Rocked by mass protests and record-low approval ratings, France’s youngest leader since Napoleon faces electoral oblivion
Emmanuel Macron swept to power in May 2017 by presenting himself as a youthful anti-populist reformer, a shining example of what was still possible in centrist politics.
Eighteen months later and rocked by mass protests and record low approval ratings, France’s youngest leader since Napoleon faces electoral oblivion.
Last year’s demonstrations against his labour law and rail reform had already tested his presidency, but combined with a bodyguard scandal, stubbornly high unemployment, multiple ministerial resignations and a series of media missteps it appears the French working and middle classes have had enough.
Seemingly innocuous protests over fuel tax rises – the so-called gilets jaunes (yellow vests) protest movement – has given way to deadly clashes on the streets of Paris over Macron’s perceived elitist reforms.
“It might have started as a protest against the rise of the fuel tax, but the yellow vests’ anger stems from years of rising precarity,” says Helen Lewis in the New Statesman. “They demand more than just the scrapping of the tax: they want all taxes lowered and a “citizens’ debate” on spending power and climate change. In the protests, “Macron resign” is a recurring battle cry”.
The president’s aloofness and determination to stand his ground has contributed to his plummeting approval ratings, which currently stand at just 26%. By contrast public support for the ‘yellow vest’ protests is holding steady at 77%.
On Tuesday he stuck to his line, saying: “What I’ve taken from these last few days is that we shouldn’t change course because it is the right one and necessary.”
But his remarks were immediately seized upon as a sign of how out of touch with ordinary citizens he is.
“This was a technocrat’s speech, disconnected from the reality of the French” said Damien Abad, a Conservative MP.
“Macron was supposed to be a new, hopeful face” writes Lewis. “Instead, the frustration and violence of the protests suggest, many French people feel he has brought more of the status quo”.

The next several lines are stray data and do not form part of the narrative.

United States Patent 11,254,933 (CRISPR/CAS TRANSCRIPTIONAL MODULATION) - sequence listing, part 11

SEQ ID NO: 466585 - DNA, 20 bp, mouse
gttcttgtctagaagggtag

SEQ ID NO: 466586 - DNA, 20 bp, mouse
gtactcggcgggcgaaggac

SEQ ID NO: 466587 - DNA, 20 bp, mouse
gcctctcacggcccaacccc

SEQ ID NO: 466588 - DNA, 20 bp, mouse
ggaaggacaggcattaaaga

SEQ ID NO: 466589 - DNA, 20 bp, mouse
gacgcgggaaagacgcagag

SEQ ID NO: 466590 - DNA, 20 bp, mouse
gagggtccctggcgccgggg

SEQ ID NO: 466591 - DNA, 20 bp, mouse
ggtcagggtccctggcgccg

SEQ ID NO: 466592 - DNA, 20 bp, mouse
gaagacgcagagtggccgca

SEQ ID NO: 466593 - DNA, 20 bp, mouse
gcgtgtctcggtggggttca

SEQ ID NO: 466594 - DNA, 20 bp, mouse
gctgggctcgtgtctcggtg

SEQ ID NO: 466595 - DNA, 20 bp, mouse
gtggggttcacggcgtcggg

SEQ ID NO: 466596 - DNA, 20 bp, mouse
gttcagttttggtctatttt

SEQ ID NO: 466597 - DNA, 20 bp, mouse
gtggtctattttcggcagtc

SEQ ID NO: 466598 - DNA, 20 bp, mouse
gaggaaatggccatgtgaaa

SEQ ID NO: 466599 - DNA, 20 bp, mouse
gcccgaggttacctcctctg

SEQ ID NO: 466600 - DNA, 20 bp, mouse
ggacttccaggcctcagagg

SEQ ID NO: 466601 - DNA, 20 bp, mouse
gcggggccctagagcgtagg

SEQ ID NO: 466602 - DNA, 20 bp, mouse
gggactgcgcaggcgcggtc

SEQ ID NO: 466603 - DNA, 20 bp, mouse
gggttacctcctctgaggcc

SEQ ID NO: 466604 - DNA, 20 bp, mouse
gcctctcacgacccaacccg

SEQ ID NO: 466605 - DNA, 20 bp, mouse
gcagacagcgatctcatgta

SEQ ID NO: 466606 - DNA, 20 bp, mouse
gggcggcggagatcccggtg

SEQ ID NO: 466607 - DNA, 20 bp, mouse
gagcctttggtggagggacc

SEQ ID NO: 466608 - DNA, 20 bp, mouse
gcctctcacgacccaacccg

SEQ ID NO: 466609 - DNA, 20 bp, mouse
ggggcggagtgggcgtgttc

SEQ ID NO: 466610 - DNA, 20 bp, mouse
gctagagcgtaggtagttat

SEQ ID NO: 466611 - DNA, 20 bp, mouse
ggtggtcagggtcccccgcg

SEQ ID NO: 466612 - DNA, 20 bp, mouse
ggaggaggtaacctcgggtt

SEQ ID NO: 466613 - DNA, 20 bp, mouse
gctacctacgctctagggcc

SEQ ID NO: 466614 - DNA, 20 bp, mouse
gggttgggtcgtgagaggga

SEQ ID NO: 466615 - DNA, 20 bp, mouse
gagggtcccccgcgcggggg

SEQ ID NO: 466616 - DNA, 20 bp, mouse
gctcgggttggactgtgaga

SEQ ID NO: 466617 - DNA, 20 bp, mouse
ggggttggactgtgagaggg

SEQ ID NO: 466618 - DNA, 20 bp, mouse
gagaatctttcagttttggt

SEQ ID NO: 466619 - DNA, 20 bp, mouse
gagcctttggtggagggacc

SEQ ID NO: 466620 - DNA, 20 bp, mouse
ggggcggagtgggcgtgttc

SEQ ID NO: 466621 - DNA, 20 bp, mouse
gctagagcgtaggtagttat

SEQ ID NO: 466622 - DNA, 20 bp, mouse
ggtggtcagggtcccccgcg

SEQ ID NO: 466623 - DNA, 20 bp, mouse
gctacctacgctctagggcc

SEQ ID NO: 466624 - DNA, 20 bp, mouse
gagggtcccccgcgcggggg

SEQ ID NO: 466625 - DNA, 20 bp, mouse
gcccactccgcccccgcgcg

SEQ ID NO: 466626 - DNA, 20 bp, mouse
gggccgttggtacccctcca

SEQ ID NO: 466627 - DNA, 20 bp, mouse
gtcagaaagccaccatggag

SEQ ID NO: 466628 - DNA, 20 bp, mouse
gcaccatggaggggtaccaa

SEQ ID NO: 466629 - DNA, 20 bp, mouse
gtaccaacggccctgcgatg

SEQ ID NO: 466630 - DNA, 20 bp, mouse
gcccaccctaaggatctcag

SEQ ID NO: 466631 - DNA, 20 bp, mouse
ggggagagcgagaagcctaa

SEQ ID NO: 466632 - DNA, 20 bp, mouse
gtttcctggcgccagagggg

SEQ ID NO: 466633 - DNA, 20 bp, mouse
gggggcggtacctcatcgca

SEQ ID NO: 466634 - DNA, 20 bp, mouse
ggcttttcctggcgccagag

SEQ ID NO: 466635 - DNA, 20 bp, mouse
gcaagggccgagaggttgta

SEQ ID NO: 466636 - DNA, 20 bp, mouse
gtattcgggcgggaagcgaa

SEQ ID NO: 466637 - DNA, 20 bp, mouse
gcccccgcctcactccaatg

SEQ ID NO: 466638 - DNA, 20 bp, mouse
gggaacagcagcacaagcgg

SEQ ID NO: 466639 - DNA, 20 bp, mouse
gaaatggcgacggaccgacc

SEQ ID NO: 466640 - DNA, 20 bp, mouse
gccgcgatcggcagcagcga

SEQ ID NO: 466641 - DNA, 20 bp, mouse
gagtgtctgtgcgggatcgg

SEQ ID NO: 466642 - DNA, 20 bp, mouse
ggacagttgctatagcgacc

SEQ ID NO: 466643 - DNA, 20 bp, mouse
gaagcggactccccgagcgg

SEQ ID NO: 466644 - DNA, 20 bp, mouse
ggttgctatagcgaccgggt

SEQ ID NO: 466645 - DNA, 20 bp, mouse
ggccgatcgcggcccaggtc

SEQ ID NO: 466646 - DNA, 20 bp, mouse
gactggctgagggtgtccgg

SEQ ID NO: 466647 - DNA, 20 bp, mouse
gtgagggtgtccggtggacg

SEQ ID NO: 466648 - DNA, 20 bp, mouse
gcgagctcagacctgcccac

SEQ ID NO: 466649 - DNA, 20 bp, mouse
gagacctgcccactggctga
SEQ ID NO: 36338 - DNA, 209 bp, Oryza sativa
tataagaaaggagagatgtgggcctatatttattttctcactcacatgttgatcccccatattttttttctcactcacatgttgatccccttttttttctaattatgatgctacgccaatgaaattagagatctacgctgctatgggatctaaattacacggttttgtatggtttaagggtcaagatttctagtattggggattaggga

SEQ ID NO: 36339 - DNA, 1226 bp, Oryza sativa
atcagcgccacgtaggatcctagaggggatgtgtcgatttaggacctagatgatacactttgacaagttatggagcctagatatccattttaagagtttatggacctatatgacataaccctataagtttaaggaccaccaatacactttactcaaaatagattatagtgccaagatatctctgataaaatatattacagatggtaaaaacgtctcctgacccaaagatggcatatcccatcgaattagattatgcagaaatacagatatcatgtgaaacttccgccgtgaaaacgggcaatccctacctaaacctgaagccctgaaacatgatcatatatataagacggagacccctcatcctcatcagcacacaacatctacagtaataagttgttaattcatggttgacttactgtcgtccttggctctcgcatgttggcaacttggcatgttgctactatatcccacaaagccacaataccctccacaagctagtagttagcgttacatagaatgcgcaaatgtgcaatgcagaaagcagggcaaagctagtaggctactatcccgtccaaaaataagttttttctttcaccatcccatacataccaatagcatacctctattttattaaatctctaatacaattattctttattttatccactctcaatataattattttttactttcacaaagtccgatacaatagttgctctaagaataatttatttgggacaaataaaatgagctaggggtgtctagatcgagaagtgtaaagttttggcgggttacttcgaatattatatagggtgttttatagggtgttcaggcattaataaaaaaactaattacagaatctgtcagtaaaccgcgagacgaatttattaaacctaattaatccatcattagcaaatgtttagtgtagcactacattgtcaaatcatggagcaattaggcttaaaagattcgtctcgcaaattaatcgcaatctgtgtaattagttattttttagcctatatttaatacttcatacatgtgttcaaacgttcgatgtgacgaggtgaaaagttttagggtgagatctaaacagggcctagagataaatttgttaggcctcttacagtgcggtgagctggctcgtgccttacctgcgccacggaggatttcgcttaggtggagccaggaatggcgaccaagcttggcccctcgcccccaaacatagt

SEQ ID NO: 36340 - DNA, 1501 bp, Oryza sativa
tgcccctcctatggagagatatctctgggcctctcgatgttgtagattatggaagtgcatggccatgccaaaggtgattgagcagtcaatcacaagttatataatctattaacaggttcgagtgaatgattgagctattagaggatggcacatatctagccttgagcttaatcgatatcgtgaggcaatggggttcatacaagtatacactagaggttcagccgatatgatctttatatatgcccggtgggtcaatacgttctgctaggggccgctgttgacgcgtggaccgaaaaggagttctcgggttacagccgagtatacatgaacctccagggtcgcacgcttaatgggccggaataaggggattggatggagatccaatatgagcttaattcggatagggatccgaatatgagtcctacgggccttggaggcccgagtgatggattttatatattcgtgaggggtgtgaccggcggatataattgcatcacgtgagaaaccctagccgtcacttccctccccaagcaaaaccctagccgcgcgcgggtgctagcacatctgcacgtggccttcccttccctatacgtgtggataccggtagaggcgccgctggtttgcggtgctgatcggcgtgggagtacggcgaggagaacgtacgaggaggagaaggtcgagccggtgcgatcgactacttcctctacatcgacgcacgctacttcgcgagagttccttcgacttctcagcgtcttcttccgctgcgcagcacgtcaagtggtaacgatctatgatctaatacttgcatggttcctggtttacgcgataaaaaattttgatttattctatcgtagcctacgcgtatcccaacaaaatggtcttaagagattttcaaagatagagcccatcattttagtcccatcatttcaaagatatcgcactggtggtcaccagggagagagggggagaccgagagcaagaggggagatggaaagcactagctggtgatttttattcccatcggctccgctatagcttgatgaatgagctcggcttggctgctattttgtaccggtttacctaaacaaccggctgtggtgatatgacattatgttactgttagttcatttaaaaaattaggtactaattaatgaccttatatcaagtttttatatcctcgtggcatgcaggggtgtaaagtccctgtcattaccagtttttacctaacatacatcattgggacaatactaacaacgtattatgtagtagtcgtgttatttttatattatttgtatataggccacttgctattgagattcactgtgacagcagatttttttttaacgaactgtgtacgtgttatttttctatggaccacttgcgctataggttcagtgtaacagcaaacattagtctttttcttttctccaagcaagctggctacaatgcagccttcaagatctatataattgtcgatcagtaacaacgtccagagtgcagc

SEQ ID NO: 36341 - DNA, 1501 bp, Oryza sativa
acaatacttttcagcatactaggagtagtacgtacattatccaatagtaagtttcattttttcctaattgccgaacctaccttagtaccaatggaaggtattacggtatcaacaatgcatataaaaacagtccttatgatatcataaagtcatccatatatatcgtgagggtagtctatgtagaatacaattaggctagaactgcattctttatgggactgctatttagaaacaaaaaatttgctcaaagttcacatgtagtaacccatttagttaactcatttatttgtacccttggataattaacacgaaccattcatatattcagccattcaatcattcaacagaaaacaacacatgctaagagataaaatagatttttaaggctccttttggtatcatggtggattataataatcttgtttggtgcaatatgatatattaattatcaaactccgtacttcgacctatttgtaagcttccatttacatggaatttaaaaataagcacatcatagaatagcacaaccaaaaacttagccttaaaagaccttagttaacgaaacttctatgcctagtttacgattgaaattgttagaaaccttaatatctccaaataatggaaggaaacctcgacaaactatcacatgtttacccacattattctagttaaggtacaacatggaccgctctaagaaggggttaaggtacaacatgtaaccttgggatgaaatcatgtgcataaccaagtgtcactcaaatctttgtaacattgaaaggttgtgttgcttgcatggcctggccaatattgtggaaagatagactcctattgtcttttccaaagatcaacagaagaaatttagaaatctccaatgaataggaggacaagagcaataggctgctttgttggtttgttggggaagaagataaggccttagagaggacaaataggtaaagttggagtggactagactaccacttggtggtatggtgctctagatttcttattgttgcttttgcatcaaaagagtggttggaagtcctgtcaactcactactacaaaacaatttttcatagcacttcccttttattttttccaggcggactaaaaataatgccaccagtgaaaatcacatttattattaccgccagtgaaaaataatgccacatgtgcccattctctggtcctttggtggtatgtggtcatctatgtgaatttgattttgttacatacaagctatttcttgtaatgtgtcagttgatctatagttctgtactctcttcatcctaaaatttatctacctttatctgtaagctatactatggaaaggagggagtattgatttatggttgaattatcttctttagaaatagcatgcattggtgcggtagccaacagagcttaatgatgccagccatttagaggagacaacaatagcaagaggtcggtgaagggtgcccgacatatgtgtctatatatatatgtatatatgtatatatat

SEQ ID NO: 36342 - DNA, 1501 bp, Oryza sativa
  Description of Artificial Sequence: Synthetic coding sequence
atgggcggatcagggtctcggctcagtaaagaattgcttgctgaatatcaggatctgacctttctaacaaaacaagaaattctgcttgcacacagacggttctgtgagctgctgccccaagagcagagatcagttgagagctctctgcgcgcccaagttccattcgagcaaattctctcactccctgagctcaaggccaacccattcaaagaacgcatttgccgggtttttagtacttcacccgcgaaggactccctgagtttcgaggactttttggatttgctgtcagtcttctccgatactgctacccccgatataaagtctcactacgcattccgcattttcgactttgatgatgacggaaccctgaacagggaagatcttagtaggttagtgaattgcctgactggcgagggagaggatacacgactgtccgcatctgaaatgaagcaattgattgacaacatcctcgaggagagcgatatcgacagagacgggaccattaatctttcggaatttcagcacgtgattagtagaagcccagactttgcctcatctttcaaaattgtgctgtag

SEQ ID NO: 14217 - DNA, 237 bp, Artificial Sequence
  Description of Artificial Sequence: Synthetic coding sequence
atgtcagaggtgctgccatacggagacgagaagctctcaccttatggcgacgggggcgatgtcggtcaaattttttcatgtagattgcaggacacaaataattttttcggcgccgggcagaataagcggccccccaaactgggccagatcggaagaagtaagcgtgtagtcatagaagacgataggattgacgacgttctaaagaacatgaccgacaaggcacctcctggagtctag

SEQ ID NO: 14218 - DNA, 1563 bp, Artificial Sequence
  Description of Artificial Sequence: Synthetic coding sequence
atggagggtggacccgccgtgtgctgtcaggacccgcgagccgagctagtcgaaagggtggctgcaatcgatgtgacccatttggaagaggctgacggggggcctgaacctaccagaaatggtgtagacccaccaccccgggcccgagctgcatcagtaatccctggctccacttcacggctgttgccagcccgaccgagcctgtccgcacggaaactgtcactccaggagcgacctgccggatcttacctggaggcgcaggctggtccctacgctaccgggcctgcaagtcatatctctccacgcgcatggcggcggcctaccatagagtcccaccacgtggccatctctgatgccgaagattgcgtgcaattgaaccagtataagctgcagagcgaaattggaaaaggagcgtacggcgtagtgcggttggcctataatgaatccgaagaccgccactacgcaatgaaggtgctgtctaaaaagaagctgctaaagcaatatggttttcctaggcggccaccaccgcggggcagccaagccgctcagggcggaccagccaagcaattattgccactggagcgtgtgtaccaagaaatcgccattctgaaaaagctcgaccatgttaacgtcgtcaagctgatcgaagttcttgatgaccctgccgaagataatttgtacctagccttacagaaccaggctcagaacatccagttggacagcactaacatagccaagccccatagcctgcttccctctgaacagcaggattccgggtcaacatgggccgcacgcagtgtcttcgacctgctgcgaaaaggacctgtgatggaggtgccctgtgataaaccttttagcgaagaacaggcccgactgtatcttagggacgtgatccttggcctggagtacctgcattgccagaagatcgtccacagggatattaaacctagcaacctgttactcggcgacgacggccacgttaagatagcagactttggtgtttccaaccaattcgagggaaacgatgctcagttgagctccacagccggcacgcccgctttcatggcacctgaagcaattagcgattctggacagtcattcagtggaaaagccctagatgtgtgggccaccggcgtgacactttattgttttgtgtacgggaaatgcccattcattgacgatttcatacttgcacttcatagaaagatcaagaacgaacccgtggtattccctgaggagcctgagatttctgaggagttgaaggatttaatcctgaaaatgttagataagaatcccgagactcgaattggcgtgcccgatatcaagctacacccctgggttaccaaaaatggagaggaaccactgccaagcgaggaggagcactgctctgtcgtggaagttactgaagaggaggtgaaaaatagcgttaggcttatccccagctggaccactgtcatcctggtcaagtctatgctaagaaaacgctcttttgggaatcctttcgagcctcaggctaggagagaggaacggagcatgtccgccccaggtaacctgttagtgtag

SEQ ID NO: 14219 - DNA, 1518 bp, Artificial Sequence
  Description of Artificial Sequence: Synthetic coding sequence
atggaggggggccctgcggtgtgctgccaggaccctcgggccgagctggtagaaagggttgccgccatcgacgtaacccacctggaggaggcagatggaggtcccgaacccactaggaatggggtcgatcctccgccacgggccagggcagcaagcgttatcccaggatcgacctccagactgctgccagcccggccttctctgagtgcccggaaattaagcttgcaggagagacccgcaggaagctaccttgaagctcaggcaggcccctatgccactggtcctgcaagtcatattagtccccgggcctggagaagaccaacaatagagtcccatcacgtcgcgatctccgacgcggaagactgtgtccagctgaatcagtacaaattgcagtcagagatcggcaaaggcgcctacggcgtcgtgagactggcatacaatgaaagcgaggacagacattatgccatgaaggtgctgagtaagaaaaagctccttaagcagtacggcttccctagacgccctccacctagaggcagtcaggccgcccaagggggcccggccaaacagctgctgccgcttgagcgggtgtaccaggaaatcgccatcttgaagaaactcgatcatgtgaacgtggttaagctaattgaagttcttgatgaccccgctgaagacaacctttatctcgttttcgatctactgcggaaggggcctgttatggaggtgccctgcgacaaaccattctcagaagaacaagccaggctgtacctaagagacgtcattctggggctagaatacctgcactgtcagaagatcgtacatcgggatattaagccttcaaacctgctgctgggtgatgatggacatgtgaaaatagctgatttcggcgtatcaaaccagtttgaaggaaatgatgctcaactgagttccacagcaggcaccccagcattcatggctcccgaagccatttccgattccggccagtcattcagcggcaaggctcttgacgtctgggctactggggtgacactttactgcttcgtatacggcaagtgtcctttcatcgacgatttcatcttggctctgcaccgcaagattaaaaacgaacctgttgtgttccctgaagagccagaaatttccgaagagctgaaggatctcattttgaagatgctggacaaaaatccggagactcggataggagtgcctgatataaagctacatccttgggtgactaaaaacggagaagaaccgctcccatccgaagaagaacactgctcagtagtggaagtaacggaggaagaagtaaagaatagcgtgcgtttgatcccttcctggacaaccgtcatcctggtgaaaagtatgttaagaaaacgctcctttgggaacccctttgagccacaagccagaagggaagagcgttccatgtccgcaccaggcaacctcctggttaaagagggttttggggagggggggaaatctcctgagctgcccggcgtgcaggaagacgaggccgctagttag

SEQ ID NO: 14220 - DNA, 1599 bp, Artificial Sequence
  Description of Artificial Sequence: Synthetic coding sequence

According to political scientist Pascal Perrineau, he has lost three parts of his voter base: the left and the centre-left through his fiscal measures in favour of the rich; pensioners who have suffered cuts; and the middle classes and young voters who swept him to power.
In Europe too, his bid to position himself the logical heir apparent to Angela Merkel as the continent’s dominant political figure “faces big hurdles”, says US News. His headline policies of an EU army and eurozone reform have received lukewarm support. Moreover, “critics say Macron’s policy proposals don’t truly address the issues that are fueling nationalist parties in Europe” reports the news site.
Even if Macron eventually emerges as Europe’s leader, it may not help him at home “where he is deeply unpopular for personal, political and policy reasons,” says Philippe Marliere, a professor of French and European politics at University College London. Being seen as the EU’s top head of state “doesn’t really pay off domestically”.
“Because of his political inexperience, his intellectual arrogance, his hubris, and by taking himself for a solitary Jupiterian hero, Macron has locked himself into the image of the president of the rich. Now, France – which prefers equality to freedom – is slapping him in the face”, writes Marion Van Renterghem in The Guardian.
In the wake of last week’s protests, far-right leader Marine Le Pen claimed Macron was “devoid of any solutions” and that France was undergoing a “popular insurrection”.
Recent polls have shown Le Pen’s National Rally (formerly Front National), on course to beat Macron’s En Marche! In the European parliamentary elections in May.
The irony, writes Van Renterghem, is that Llke his centrists cousins Barack Obama and Matteo Renzi before him, “the most anti-populist leader France could have hoped for finds himself actually reinforcing populism”.
Others believe his thrusting reform agenda will ultimately pay off, and he need only stay firm to win in the long-term.
Henry Samuel in the Daily Telegraph writes that “his business-friendly measures have been slow in gaining traction while more “social” measures like abolishing housing tax are only kicking in now”.
As Le Point magazine pointed out this week, this is crunch time over whether he will end up France’s Thatcher or Francois Hollande, his hapless Socialist predecessor who, in the end, was too unpopular to run for re-election.